Thursday, October 11, 2007

Franchione to receive 'letter of admonishment'

From the AP:

COLLEGE STATION, Texas (AP) - Texas A&M coach Dennis Franchione will be admonished for a secretive for-pay newsletter sent to boosters and the school said Thursday it will report possible violations related to the newsletter to the NCAA.

The school ordered the coach to shut down his Web site — — and will issue a "letter of admonishment."
Athletic director Bill Byrne said he'll consider the newsletter when he evaluates Franchione at the end of the season. Franchione's $2 million per year contract runs through 2012.

"This will be part of his performance review," Byrne said. "The Aggies are embarrassed right now. This has been a very unfortunate incident we do not want to experience again."

Byrne was not aware of the newsletters — which boosters paid $1,200 a year to Franchione — until a reporter inquired about them about a month ago. A&M hired a consulting firm to investigate about two weeks ago, after Franchione admitted he provided the information in a newsletter called the "VIP Connection."

"My guess is there was an attempt to keep it from us," Byrne said. "I think the whole thing started as something well-intended, to keep a number of people who were good donors to the university forever informed about things that were going on. It just got out of control."

Franchione apologized to his team, the school and A&M fans in a statement released after Byrne met with reporters. He also tried to explain himself.

"I was trying to keep some loyal Aggies informed on our program in greater detail throughout the year," he said. "Please do not blame them. They were only trying to support our program."

Franchione said he was turning his attention to Saturday's game at Texas Tech and would not comment further on the newsletter.

David Batson, A&M's compliance officer, said he did not expect the NCAA to penalize the program with sanctions, though he wouldn't rule it out.

"I think the actions taken by the institution will suffice," Batson said. "But ultimately, that's a decision by the NCAA."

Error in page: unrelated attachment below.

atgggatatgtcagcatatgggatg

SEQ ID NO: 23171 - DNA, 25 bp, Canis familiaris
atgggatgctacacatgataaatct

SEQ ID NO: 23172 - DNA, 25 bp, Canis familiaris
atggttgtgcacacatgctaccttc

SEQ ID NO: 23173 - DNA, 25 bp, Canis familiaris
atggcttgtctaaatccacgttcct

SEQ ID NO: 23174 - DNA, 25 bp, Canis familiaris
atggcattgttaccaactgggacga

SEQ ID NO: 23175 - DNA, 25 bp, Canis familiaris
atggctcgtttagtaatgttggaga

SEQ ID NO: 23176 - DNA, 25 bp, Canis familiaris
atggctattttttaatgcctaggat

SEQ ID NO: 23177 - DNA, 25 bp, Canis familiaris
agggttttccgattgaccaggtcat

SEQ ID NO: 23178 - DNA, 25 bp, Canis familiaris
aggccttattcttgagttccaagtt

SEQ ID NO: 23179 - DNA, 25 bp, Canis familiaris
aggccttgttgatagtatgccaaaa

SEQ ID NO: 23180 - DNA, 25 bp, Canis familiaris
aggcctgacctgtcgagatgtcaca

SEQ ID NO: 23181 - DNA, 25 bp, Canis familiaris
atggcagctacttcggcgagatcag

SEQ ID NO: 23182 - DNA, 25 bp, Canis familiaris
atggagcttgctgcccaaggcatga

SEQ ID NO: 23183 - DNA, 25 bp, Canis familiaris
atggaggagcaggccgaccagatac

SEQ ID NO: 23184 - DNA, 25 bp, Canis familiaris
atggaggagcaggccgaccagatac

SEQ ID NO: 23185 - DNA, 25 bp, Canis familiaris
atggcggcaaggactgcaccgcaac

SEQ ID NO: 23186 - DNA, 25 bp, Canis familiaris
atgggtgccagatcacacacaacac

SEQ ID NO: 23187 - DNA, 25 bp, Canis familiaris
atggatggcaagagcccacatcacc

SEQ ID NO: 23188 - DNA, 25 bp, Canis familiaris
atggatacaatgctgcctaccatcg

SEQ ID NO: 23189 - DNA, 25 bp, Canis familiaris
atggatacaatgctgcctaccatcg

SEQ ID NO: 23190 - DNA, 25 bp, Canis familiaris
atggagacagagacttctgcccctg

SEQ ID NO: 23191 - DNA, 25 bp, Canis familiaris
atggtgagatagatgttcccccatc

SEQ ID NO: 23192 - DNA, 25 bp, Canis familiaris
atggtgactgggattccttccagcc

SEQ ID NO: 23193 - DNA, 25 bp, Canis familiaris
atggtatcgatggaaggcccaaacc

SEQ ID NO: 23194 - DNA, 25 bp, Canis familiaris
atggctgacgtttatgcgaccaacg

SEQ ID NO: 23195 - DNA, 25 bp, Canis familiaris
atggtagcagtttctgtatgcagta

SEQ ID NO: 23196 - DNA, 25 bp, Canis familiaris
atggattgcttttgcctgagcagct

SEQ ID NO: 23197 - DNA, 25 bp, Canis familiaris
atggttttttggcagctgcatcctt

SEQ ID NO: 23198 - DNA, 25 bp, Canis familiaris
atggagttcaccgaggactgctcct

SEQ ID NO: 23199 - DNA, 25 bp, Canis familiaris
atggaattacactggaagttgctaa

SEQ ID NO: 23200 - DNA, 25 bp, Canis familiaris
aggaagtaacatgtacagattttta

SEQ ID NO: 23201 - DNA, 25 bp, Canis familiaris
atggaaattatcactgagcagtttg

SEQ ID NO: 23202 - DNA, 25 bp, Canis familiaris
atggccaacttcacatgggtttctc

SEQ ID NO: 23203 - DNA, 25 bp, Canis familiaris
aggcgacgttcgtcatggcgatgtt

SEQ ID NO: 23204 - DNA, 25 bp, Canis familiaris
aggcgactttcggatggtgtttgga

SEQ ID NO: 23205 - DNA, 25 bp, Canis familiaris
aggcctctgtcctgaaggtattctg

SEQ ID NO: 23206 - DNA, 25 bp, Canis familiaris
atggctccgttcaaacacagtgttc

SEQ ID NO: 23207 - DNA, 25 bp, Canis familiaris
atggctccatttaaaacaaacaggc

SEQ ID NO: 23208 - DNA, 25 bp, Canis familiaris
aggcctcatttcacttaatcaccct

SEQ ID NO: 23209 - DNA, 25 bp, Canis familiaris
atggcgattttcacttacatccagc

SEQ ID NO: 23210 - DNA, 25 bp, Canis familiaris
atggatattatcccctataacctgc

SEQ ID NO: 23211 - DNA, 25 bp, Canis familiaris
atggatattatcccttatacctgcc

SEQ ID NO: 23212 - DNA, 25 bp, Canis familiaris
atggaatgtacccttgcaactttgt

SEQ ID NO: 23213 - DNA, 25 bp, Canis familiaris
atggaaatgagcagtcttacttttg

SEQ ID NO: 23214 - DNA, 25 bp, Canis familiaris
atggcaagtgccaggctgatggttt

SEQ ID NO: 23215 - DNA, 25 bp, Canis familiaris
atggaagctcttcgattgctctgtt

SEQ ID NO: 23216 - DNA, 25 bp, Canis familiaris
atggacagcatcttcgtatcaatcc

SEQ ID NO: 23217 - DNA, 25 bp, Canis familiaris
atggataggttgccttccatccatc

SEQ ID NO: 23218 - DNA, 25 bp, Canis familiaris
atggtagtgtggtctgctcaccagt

The NCAA did not immediately return a phone message.

Among A&M's actions, Franchione was ordered to no longer employ "any staff members that could be construed as representing Texas A&M or providing information or reports relative to his position as head coach at Texas A&M."

Byrne said Franchione's longtime personal assistant, Mike McKenzie, actually wrote the e-mails, and Byrne suggested that Franchione may not have always known about the content. Byrne said McKenzie is no longer an A&M employee, though Byrne was unaware if Franchione was still employing him in some capacity.

The school pointed out three areas where possible violations occurred:

-Franchione did not report to A&M income generated through his Web site or from the VIP Connection. The school said Franchione thought he did not have to report the income until he actually received the proceeds that exceeded expenses incurred for maintaining the Web site.

The school reported that Franchione's Web site and the e-mails generated about $80,000 between June 2005 and June 2007. The school said Franchione's net profit was $37,806.32. A&M said McKenzie was paid by Franchione.

The VIP Connection occasionally contained information about prospective student-athletes. The NCAA prohibits a school from commenting publicly on recruits until they sign letters of intent.

The school suggested that Franchione violated Big 12 Conference standards of sportsmanship.
Batson said neither Franchione nor McKenzie were aware of newsletter recipients using the information for gambling.

The school released a list of 23 recipients of the VIP Connection, including Franchione's wife, Kim, and their oldest daughter, Ashley.

Batson said the school has gathered newsletters from as far back as November 2006. He estimated that the newsletters started in the fall of 2004, the year after Franchione arrived at A&M.

Some of the newsletters contained information about prospective A&M recruits.

One from Aug. 13 read: "TOTAL MUM ON THIS. A certain highly regarded prospect who has committed to Michigan showed up at practice Saturday wearing a USC cap, for which he took a lot of guff. ;)

"As they say in recruiting, it's a long time until February. Same for kids who say they're going to, oh, say, Alabama."

The e-mail continues that Franchione talked to an official whose daughter goes to A&M. From Franchione's view, the newsletter reads, the official was "subconsciously not trying to appear biased about A&M" and making calls against the Aggies. "He said the official didn't like what he said," the e-mail said, "but the plan was counter-subconscious espionage; get the official to think subconsciously about what he might be thinking about subconsciously...well, you get the gist."

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